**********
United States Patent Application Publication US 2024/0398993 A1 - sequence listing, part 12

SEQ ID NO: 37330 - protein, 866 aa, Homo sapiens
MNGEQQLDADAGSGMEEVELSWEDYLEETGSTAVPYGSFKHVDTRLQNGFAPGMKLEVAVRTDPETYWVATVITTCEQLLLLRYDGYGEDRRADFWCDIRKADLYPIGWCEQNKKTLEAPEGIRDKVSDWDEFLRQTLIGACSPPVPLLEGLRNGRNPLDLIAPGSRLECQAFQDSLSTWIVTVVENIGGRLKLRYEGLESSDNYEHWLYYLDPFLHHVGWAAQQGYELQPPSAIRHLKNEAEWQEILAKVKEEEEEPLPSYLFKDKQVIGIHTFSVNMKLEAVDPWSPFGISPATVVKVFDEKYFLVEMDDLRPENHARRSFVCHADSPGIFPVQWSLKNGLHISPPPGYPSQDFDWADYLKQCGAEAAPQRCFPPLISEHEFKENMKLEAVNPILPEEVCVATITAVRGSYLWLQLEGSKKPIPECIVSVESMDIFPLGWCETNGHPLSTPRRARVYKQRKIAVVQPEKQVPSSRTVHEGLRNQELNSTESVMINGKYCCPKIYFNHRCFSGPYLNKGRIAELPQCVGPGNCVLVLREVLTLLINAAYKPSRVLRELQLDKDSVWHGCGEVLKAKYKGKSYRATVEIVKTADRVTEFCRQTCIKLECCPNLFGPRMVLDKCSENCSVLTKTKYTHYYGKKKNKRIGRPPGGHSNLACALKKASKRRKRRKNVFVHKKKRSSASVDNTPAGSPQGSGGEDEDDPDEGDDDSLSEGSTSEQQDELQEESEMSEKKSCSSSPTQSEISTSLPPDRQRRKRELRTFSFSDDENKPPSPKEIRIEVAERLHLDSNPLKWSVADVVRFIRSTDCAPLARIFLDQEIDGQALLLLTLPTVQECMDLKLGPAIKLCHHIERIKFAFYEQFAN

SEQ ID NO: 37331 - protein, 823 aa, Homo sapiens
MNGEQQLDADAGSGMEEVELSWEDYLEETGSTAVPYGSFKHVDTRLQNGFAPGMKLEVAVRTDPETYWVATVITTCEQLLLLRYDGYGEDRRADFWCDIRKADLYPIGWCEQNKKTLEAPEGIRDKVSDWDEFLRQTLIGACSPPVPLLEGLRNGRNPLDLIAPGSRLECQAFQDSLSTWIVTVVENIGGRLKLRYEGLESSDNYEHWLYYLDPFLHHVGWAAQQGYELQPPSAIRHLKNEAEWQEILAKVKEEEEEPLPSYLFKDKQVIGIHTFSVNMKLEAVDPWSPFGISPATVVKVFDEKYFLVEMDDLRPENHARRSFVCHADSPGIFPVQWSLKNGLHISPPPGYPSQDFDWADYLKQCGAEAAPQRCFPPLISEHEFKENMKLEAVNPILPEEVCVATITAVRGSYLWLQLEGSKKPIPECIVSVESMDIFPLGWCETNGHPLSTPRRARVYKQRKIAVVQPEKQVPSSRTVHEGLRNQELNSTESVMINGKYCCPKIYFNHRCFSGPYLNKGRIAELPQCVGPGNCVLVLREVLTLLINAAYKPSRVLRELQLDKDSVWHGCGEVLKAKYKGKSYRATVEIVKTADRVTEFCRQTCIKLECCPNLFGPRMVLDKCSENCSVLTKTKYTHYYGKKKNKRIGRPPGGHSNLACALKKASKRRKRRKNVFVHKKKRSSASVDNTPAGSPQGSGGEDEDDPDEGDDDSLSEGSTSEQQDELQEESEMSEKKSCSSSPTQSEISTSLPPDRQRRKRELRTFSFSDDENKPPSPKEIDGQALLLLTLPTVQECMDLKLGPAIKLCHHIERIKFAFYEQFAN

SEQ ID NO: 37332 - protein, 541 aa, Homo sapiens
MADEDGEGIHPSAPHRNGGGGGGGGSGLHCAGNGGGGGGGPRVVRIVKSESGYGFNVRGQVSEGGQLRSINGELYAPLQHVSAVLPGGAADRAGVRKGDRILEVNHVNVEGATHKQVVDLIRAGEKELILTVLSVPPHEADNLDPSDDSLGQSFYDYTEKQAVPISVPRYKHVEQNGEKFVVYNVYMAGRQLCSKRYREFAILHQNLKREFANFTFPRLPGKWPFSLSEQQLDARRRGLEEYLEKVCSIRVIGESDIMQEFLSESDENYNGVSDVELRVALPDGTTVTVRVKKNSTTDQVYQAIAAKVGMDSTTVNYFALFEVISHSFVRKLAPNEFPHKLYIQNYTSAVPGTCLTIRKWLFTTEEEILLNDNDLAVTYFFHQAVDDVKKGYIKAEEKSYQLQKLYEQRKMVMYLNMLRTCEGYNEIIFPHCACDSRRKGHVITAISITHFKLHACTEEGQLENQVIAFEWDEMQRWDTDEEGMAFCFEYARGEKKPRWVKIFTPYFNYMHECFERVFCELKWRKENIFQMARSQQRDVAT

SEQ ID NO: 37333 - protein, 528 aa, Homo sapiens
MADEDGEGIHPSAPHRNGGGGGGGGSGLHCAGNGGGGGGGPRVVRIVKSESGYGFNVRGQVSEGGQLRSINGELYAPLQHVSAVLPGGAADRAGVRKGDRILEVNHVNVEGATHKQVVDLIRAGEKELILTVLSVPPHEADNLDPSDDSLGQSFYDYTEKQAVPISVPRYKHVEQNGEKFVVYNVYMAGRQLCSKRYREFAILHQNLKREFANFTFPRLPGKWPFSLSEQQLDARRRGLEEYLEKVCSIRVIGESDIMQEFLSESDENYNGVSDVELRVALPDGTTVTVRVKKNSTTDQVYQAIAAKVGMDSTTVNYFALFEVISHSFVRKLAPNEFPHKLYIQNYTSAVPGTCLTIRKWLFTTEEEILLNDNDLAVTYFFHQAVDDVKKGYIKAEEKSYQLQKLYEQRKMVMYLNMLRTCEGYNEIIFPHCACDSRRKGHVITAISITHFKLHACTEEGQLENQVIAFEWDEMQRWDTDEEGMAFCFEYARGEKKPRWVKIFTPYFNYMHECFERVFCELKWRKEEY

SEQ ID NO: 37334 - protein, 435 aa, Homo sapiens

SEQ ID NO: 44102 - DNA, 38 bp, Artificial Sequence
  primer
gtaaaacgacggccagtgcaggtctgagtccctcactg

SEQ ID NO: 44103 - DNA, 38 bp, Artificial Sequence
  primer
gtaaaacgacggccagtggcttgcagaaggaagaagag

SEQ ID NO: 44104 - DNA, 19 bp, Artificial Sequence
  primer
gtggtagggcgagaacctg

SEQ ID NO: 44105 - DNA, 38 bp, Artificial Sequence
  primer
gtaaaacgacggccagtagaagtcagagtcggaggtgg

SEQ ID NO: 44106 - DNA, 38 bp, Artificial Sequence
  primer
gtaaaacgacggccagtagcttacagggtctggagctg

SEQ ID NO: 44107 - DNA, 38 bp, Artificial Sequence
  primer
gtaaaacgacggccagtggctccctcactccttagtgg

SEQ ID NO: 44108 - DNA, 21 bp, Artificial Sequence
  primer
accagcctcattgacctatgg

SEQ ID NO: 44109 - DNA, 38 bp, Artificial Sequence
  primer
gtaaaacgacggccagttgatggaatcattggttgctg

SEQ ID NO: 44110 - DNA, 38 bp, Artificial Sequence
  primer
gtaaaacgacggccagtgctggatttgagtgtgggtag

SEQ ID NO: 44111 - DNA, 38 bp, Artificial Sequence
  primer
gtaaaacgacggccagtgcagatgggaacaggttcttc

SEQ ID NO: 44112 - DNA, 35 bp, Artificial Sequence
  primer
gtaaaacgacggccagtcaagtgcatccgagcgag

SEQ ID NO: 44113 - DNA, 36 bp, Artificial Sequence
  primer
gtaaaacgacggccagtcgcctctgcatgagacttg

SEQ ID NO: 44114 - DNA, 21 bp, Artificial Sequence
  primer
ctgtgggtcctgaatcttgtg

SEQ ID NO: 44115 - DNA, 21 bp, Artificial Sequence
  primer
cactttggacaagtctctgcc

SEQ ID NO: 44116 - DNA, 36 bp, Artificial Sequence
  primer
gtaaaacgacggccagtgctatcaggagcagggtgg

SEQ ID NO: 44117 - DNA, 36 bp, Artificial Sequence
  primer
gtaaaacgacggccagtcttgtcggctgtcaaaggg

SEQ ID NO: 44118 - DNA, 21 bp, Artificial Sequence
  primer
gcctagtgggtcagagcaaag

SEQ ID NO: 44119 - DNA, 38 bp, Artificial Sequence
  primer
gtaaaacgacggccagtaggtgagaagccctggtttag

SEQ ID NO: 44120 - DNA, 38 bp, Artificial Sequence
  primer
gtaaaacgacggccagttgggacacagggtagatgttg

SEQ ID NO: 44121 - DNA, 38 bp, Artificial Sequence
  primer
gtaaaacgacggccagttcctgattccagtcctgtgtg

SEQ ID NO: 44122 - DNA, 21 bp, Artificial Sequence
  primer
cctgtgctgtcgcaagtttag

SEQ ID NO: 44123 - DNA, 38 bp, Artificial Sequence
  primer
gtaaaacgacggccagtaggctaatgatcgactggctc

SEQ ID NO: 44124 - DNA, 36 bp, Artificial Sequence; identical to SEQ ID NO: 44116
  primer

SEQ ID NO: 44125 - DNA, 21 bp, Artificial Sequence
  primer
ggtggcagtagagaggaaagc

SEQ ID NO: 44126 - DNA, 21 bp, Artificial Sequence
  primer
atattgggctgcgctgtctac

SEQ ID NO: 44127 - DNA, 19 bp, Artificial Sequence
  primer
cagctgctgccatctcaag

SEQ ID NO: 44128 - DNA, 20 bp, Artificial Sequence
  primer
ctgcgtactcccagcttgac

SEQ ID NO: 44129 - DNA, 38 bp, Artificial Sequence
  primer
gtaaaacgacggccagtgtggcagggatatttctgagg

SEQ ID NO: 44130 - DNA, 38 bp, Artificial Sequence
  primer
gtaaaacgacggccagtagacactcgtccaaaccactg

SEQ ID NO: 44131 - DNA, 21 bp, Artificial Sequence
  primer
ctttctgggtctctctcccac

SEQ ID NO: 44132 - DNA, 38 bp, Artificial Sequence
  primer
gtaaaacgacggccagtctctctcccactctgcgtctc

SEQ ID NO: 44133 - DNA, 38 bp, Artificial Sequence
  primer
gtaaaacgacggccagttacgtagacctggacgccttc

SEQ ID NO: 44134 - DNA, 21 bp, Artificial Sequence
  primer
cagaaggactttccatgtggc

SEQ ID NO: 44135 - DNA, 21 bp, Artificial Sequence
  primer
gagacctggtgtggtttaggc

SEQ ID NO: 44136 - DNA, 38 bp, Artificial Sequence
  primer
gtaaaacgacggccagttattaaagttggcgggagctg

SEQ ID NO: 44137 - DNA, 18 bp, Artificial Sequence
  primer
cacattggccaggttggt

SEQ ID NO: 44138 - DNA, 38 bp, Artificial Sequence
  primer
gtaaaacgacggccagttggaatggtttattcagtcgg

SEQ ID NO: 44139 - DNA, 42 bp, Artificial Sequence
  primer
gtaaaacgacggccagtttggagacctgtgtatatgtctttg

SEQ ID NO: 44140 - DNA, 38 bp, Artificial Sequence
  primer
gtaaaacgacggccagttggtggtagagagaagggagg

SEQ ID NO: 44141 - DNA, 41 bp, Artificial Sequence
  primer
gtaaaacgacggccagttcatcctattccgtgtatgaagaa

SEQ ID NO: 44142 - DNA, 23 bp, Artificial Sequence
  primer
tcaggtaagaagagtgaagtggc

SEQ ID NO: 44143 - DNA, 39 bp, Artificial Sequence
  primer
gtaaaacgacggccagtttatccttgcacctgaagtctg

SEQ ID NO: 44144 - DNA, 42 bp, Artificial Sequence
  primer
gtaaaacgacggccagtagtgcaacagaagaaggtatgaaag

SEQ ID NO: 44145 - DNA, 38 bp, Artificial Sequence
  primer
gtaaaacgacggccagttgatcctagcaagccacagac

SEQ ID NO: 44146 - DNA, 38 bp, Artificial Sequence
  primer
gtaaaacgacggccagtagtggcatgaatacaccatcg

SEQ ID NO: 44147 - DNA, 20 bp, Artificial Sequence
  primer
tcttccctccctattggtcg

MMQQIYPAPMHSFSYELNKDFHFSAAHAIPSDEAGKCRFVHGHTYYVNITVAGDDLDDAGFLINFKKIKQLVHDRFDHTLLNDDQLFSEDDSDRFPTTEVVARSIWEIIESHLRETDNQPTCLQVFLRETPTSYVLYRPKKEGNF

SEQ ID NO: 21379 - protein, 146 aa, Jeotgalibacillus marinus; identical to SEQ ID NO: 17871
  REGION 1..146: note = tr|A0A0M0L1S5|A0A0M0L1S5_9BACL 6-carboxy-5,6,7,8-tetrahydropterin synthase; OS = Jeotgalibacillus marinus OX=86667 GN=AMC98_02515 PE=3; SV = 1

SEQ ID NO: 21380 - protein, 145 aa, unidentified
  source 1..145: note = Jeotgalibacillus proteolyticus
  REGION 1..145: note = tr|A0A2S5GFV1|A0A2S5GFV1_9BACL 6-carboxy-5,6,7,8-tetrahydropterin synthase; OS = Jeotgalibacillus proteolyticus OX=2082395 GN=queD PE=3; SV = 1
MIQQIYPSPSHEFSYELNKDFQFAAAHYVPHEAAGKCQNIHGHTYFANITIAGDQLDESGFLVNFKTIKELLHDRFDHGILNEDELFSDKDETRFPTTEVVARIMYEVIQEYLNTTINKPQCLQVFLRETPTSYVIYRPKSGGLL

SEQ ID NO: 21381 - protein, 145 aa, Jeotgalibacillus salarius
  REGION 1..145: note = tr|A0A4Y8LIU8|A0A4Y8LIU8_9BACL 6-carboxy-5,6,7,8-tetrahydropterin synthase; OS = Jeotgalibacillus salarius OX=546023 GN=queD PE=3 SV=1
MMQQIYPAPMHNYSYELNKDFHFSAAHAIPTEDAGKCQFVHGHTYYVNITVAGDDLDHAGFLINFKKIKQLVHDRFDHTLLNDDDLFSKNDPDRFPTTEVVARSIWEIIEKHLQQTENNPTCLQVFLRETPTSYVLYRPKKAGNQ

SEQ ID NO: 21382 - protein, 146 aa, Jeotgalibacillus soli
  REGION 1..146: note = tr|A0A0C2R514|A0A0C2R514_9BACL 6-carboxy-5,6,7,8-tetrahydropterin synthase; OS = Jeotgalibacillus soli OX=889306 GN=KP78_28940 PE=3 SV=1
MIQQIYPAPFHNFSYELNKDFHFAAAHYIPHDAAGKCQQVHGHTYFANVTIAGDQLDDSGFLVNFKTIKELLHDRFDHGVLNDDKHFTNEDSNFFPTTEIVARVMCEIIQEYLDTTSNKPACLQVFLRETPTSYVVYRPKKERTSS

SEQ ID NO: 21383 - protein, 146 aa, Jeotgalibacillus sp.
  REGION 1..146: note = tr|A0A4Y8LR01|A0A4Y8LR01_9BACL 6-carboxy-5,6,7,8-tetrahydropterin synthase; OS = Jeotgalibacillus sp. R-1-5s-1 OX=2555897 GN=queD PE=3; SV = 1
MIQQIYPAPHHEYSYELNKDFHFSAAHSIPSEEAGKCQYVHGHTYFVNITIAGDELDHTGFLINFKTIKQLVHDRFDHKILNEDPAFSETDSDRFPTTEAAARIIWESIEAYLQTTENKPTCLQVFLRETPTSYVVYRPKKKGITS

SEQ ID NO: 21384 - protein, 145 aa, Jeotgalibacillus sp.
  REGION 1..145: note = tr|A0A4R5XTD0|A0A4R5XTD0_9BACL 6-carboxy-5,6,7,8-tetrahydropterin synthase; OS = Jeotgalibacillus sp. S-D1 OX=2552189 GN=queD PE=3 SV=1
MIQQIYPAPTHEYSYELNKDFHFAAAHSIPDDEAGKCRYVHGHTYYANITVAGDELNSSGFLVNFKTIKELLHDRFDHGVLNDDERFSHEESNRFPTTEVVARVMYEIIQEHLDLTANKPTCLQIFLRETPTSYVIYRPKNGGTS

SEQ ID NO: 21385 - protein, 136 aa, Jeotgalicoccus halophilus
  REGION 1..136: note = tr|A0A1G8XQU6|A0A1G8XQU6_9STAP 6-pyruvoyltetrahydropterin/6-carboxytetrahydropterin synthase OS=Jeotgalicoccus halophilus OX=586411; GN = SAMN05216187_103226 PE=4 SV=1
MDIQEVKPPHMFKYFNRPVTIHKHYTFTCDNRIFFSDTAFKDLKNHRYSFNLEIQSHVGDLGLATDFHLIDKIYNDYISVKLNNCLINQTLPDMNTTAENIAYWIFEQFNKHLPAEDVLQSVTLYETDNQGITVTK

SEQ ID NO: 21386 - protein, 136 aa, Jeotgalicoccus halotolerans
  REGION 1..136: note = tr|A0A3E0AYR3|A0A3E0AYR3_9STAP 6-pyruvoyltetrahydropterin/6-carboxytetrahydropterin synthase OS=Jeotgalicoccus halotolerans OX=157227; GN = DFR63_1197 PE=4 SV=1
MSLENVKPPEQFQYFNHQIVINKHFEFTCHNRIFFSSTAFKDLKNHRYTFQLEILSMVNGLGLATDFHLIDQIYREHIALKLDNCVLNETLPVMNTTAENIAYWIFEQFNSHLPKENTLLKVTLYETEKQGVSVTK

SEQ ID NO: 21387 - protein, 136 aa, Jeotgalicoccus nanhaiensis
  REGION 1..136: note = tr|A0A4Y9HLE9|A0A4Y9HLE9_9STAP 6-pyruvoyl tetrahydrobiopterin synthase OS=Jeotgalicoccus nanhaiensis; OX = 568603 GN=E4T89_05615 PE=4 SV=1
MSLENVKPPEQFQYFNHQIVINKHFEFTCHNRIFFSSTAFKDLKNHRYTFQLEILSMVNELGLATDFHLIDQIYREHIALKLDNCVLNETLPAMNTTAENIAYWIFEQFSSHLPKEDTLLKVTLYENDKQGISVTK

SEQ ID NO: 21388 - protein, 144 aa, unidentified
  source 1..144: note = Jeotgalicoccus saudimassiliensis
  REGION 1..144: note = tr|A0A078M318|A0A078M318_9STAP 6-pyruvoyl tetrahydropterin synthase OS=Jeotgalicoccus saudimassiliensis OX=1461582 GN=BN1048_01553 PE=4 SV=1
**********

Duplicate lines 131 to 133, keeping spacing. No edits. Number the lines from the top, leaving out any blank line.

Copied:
  primer
tcaggtaagaagagtgaagtggc

SEQ ID NO: 44143 - DNA, 39 bp, Artificial Sequence